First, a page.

The puppy is of course my favourite but I don't really want a dog in a not-very-big flat on the top storey of a Montréal triplex, and I don't know how Renzo would react.

Duchesse, I'm glad you don't think a spa day or weekend is a romantic gift. Sure I like having my hair done or a deep cleaning of my face etc, but I get antsy in an "institute" for a long time. And it does somehow sound as if the partner is attempting to produce a new improved companion.

I have a friend who was THRILLED when her husband gave her an expensive knife, but one really has to know the person for that choice.

Neither of those boots would suit me (I like the black La Canadienne ones, but they are for someone taller, such as Duchesse) but I'd certainly like another model of boots by that brand - about the only somewhat attractive boots that resist our climate - I've had Pajar, but they are a bit clunky, and too heavy.
Fritinancy said…
Wonderful research, Duchesse--merci beaucoup! FYI, it's (not .com).
Northmoon said…
One of the best Christmas gifts I ever got from a man was a sawzall! I loved that he believed me when I said I wanted power tools. It showed that he saw the real me - a strong capable woman.

That being said, a nice piece of real gold or silver jewelry would also be appreciated!
Kristine said…
Lovely post, Duchess. As with so many things, romantic is in the eyes of the beholder. It all comes down to knowing the person you are buying for, which is often easier said than done. My ex-husband was an awful gift giver, primarily because he would give me items that he liked rather than considering what I like. Romantic gifts to me take into consideration what I like, conveys that I'm meaningful, special, to the gift giver. Such gifts often (but not always) show that the gift giver spent some effort on the gift, hence spent effort trying to please me. So even if I'm not crazy about the gift, it may still feel romantic to me if it were something that I knew the giver spent effort (meaning time & commitment rather than $).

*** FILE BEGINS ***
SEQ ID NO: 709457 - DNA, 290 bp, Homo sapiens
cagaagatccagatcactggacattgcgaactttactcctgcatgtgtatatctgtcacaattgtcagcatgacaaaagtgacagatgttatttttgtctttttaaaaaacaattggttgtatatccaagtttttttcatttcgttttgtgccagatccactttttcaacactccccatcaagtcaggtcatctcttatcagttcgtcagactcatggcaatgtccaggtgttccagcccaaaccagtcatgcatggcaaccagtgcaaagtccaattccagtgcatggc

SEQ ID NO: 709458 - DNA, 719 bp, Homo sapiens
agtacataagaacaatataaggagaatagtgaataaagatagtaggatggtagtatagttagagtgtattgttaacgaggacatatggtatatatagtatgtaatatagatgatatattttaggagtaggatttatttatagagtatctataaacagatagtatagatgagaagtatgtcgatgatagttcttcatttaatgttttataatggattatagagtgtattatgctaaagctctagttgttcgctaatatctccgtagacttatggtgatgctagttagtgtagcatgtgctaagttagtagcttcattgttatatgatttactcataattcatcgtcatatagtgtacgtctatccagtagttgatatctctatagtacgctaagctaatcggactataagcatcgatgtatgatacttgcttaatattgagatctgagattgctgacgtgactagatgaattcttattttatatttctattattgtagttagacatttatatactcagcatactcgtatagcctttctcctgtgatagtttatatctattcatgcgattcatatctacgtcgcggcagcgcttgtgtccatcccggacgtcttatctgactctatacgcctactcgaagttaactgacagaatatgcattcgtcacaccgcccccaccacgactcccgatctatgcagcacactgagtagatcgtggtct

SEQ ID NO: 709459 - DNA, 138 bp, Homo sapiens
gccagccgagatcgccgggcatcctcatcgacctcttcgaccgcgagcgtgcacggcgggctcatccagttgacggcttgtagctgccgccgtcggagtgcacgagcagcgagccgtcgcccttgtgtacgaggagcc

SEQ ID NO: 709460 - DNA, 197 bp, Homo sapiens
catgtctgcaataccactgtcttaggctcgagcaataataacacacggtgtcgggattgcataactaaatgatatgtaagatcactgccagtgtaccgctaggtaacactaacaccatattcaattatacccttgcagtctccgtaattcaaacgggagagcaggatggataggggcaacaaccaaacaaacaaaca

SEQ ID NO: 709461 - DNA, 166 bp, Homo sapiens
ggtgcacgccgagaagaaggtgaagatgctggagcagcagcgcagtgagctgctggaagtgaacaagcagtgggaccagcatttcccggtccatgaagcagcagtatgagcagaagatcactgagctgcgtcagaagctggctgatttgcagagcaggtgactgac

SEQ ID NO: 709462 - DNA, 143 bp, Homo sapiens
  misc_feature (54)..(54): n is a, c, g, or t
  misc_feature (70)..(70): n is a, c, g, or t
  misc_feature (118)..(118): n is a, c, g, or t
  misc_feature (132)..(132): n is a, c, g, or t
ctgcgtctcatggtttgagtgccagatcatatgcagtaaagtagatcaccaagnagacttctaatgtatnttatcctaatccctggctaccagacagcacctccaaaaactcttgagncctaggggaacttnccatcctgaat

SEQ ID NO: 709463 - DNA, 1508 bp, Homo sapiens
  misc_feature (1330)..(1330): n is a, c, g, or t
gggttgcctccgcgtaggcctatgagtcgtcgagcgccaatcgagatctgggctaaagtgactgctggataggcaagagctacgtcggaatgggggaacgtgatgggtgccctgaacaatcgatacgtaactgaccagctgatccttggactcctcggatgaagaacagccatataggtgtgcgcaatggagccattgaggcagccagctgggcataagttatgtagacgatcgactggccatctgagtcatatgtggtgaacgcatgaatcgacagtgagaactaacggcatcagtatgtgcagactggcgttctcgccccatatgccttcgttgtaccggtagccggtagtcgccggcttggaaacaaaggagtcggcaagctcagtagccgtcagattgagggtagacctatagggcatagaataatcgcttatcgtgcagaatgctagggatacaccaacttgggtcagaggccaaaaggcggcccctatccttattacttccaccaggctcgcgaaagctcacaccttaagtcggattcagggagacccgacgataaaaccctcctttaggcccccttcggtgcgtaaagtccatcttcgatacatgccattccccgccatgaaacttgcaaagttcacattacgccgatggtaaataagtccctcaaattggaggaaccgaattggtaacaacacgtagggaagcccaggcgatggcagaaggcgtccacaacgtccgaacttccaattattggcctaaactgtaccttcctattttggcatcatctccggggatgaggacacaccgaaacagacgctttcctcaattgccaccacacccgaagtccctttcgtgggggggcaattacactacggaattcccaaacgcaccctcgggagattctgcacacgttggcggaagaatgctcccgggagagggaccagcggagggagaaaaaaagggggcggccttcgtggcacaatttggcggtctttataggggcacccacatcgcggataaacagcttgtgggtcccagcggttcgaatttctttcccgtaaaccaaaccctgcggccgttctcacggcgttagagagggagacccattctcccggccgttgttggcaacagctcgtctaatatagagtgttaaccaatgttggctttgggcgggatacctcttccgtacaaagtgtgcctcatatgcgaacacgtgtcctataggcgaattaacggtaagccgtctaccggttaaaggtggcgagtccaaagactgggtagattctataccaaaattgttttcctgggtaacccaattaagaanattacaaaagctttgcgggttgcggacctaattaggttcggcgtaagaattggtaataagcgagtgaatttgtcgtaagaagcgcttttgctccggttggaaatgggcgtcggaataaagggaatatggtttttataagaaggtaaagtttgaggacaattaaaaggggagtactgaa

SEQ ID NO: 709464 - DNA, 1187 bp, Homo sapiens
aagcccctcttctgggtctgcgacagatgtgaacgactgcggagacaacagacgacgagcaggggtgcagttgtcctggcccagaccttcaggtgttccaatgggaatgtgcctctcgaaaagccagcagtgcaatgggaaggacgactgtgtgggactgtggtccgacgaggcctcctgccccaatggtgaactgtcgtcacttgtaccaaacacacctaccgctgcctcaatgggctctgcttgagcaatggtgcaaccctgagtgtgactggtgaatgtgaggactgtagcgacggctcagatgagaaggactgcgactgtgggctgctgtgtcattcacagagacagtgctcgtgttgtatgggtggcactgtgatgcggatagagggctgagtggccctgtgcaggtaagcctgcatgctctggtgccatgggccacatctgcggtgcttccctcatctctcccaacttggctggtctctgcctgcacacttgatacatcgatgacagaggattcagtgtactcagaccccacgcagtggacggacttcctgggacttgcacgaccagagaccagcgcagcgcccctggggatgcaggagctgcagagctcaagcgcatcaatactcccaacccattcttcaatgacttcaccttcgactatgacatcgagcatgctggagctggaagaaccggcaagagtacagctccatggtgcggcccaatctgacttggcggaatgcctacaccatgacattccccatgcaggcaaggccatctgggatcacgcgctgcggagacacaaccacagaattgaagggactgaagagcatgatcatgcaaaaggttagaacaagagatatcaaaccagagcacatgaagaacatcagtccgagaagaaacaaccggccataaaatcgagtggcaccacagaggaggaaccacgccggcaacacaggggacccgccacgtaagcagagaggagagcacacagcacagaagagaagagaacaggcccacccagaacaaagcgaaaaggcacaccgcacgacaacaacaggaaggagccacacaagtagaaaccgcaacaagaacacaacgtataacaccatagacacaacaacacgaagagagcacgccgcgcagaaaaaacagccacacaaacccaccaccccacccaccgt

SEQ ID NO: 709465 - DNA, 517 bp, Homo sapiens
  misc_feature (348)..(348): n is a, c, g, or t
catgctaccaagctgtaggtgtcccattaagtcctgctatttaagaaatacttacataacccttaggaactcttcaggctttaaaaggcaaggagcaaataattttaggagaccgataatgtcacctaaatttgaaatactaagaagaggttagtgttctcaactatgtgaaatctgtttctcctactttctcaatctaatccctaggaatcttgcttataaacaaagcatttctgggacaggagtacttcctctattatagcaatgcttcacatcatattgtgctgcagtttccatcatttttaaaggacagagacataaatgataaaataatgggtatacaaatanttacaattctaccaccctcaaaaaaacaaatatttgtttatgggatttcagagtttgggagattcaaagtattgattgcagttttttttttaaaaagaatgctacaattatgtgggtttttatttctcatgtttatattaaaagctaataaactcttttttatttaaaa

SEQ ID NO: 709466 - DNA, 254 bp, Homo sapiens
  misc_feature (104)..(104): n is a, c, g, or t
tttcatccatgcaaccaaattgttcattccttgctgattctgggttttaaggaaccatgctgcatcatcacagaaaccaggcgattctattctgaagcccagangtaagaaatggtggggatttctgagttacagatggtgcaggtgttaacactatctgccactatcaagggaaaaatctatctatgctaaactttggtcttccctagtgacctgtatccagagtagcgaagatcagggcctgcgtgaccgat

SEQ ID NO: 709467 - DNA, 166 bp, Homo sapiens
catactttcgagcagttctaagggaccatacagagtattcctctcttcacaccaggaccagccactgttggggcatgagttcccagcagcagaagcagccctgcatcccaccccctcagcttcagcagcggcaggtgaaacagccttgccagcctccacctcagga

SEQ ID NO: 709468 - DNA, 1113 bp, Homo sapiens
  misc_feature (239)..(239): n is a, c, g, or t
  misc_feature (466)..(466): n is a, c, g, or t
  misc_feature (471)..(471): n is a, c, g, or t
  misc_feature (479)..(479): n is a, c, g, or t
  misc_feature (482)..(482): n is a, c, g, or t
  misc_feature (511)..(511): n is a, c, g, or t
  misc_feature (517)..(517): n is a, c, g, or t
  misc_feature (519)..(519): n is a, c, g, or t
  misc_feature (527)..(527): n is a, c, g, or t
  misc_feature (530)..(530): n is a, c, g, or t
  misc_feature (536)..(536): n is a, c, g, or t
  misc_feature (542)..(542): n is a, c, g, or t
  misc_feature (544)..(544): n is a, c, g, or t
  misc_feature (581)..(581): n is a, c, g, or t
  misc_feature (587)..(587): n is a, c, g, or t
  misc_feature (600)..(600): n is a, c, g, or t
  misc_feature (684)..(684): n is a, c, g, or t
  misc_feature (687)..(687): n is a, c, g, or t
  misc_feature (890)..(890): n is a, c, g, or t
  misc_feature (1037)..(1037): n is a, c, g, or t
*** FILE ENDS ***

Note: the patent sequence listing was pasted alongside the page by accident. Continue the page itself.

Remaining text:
Duchesse said…
Northmoon and Kristine: Yes, it is in the eye of the beholder. I have taught a number of men how to buy gifts and one of my first question is, "How do you want the gift 'read'?" (For example, a book is more impersonal than a piece of jewelry.)